Tips to reduce your sodium intake and still keep foods flavorful

Aug 21, 2008 at 8:43 p.m. ET

Whether you are on a sodium-restricted diet, want to cut sodium as a means of disease prevention, or simply want to eliminate that sodium-induced bloating, you really can reduce the sodium in your diet without forsaking taste. Health and wellness counselor Brenda J. Ponichtera, RD, author of Quick & Healthy Recipes and Ideas, shares her top tips to cut the salt and keep the flavor.

Salt on Plate

Guidelines to reduce sodium in your diet

Ponichtera suggests making a gradual transition to using less salt and sodium-reduced products, particularly if you and your family is accustomed to sodium's distinctive taste.

The best ways to cut back on sodium are to not use salt at the table, use less salt in cooking and avoid processed foods. Ponichtera says, "Keep in mind that a small amount [of salt] used in cooking may give just enough flavor to help you from adding too much at the table." There is no reason to over-salt.

Here are some additional guidelines:

1. Fresh is best. Use fresh foods in place of processed foods. Fresh foods actually taste like they are meant to taste. Processed foods often just taste like salt.

2. Opt for frozen. Buy frozen vegetables instead of canned. Most unseasoned frozen veggies have no salt added.

3. Be choosy if buying canned foods. When you buy canned goods, choose the varieties with no salt added or labeled with lower-sodium.

4. Rinse canned beans and vegetables. To reduce the amount of salt in canned beans and vegetables, rinse them in a colander with water.

5. Cut the cured meats. Deli meats, ham and bacon are loaded with sodium. If using, simply add small portions to your meal. Small amounts can still add a lot of flavor.

6. Lower-sodium products. Try some of the lower-sodium products, such as reduced-salt ham or bacon. Even though many lower-sodium foods still contain a high amount of sodium, they still have less than the original products.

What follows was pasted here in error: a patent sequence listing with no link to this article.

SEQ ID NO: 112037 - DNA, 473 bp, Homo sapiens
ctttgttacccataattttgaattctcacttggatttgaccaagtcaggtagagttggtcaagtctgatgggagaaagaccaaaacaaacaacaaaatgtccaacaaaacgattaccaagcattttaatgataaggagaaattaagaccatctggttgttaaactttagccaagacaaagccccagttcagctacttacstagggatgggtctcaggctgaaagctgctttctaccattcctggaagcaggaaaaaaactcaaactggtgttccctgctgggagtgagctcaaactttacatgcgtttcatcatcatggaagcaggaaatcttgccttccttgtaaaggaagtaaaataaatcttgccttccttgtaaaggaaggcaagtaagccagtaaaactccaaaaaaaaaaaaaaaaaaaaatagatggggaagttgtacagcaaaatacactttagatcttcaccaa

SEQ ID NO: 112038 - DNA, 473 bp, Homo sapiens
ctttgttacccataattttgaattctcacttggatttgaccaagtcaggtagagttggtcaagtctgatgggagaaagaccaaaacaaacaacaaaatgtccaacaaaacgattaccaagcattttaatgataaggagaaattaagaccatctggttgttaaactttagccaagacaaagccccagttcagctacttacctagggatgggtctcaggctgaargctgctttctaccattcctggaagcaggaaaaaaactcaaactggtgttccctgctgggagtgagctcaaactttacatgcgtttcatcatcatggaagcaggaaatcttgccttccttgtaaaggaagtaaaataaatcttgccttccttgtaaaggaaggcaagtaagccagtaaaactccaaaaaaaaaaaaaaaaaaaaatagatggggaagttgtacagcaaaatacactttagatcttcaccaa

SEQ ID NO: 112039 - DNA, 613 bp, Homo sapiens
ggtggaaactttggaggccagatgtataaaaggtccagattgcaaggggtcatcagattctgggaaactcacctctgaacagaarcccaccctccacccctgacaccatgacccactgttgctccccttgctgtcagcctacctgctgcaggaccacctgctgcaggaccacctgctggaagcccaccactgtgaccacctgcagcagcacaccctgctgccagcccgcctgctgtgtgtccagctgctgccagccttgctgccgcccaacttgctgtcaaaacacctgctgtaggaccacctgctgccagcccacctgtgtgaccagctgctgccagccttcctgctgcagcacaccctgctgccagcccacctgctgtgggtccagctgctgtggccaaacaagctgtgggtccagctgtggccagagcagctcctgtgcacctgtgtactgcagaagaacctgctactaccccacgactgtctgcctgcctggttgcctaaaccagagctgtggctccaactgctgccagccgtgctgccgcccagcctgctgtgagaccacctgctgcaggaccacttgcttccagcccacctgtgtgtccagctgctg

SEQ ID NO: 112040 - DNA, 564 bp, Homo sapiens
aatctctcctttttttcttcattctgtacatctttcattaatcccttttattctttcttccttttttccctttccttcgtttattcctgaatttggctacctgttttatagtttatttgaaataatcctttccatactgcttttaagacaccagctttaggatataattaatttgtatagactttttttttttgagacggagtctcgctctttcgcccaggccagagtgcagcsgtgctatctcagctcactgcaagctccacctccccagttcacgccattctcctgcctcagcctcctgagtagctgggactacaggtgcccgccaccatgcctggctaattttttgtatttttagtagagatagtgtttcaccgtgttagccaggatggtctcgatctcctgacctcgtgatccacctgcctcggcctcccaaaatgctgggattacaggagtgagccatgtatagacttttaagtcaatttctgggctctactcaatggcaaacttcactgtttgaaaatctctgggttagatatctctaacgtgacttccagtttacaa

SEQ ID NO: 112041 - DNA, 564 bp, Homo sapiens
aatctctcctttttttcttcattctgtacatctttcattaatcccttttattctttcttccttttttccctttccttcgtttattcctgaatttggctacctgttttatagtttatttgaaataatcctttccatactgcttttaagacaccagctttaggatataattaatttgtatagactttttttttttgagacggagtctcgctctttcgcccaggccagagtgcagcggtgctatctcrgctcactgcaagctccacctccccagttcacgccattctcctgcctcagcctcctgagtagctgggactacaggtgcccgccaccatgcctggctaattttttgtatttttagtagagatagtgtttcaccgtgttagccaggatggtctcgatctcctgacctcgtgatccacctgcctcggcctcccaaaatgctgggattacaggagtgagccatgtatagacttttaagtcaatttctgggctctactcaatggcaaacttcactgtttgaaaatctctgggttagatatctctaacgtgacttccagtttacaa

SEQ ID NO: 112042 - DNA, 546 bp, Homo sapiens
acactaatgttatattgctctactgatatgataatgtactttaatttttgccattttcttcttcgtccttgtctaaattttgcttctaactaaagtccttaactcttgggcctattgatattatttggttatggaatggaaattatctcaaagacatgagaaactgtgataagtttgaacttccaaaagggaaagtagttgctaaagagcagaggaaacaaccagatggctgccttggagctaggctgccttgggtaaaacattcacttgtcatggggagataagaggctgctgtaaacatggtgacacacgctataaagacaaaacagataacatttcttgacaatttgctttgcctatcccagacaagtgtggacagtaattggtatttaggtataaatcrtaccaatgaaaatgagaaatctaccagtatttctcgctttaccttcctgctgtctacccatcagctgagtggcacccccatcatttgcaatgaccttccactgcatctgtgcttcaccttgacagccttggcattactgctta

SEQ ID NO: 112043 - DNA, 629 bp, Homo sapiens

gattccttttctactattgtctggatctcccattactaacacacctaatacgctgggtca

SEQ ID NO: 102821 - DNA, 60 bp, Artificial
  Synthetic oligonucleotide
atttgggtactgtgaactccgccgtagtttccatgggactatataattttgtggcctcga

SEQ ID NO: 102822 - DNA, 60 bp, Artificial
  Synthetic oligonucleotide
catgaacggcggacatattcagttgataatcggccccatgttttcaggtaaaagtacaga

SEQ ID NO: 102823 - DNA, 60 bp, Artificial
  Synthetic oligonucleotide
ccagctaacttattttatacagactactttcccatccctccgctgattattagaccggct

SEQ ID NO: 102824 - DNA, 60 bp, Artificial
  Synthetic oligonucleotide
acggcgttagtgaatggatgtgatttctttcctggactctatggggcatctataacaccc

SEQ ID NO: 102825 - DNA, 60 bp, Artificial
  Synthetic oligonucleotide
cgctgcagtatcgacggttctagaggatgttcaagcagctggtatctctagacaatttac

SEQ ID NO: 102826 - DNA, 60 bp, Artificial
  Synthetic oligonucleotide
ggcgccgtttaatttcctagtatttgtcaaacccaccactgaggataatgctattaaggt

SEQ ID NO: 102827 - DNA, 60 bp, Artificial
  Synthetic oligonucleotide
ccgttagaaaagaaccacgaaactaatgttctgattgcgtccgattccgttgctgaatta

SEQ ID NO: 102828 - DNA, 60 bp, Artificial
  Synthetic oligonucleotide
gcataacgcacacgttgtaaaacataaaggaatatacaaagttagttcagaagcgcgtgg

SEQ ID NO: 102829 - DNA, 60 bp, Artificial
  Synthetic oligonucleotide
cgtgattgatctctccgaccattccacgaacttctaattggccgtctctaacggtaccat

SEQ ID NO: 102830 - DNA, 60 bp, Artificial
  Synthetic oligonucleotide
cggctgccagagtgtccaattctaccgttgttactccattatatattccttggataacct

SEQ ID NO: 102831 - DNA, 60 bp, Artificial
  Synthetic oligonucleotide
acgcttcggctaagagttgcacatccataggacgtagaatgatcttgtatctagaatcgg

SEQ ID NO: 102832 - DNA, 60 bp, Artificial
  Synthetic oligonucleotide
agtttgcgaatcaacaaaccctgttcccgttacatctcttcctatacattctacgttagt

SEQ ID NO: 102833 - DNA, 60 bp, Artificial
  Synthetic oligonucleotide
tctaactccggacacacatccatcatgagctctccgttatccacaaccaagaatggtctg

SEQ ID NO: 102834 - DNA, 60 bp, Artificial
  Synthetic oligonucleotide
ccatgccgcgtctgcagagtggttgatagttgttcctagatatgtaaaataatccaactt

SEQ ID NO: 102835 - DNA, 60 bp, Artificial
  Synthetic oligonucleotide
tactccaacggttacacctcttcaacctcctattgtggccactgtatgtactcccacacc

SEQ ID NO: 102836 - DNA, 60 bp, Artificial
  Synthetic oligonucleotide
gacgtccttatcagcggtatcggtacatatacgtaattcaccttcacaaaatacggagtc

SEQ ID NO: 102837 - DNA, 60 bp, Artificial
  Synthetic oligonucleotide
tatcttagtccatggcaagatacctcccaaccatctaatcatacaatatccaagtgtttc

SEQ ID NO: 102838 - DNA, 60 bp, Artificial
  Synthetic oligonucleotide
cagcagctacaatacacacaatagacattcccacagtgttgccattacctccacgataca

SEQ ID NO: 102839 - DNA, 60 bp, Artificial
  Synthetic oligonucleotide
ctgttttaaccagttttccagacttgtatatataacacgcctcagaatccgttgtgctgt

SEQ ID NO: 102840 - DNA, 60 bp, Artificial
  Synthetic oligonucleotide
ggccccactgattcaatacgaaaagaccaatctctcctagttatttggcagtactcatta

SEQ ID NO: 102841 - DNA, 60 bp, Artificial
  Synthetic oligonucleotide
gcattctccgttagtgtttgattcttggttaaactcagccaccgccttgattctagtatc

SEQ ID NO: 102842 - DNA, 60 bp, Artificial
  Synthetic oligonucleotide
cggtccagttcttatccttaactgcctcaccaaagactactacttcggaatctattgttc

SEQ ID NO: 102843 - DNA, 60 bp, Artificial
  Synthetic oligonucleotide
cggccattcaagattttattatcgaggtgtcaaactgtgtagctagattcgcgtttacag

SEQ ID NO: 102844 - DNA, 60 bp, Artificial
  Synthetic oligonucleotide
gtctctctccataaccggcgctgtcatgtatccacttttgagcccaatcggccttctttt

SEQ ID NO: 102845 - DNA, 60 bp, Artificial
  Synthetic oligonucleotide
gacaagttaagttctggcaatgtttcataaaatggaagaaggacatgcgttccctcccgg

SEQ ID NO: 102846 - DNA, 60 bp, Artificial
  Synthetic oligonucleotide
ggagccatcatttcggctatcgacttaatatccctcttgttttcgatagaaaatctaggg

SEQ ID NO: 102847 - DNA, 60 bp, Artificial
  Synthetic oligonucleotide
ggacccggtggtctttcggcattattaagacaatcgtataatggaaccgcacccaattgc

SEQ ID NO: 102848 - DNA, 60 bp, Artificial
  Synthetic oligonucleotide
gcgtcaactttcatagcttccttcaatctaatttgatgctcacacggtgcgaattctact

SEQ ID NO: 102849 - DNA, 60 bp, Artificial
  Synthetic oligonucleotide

7. Salt-free soups. Use salt-free or reduced-salt soups, broth and bouillon. Canned soups are notorious for high sodium levels.

8. Go light on condiments. Loaded with flavor, condiments are also loaded with salt. Use ketchup, mustard and sauces sparingly.

9. Use vinegar or citrus for flavor. Sprinkle vinegar or squeeze lemon or lime juice on fish, chicken or vegetables.

10. Pass on the seasoning salt. Use seasoning powders instead of salts. For example, substitute garlic powder for garlic salt.

11. Generously include herbs and spices in your recipes. Fresh or dried, herbs and spices are not a significant source of sodium. (Give these seven super spices a try.)

12. Try unsalted snack foods. For a change, eat unsalted baked chips, popcorn and whole grain crackers. Pair them with dynamite dips and you won't miss the salt at all.

13. Reduce the sodium in fast food. When ordering fast food items, forgo the pickles and cheese. You can even order French fries without the salt.
Quick & Healthy Recipes and Ideas
The key to cutting the sodium in your diet is to do it gradually while adding other flavorful ingredients to your meals. As you cut the sodium, you will find that many foods don't even need salt to taste great. Once you get away from sodium, foods that contain high levels of it will taste over-salty when you eat them.

For more fabulous ideas to improve your diet, pick up Ponichtera's cookbook Quick & Healthy Recipes and Ideas. Not only will you get over 200 delicious recipes that take no longer than 15 minutes to prepare, you also get 20 weeks of dinner menus with sides and accompanying grocery lists. If you are one of those people who says you don't have time to cook healthy meals, this cookbook is for you!

Want more healthy food tips, check out these links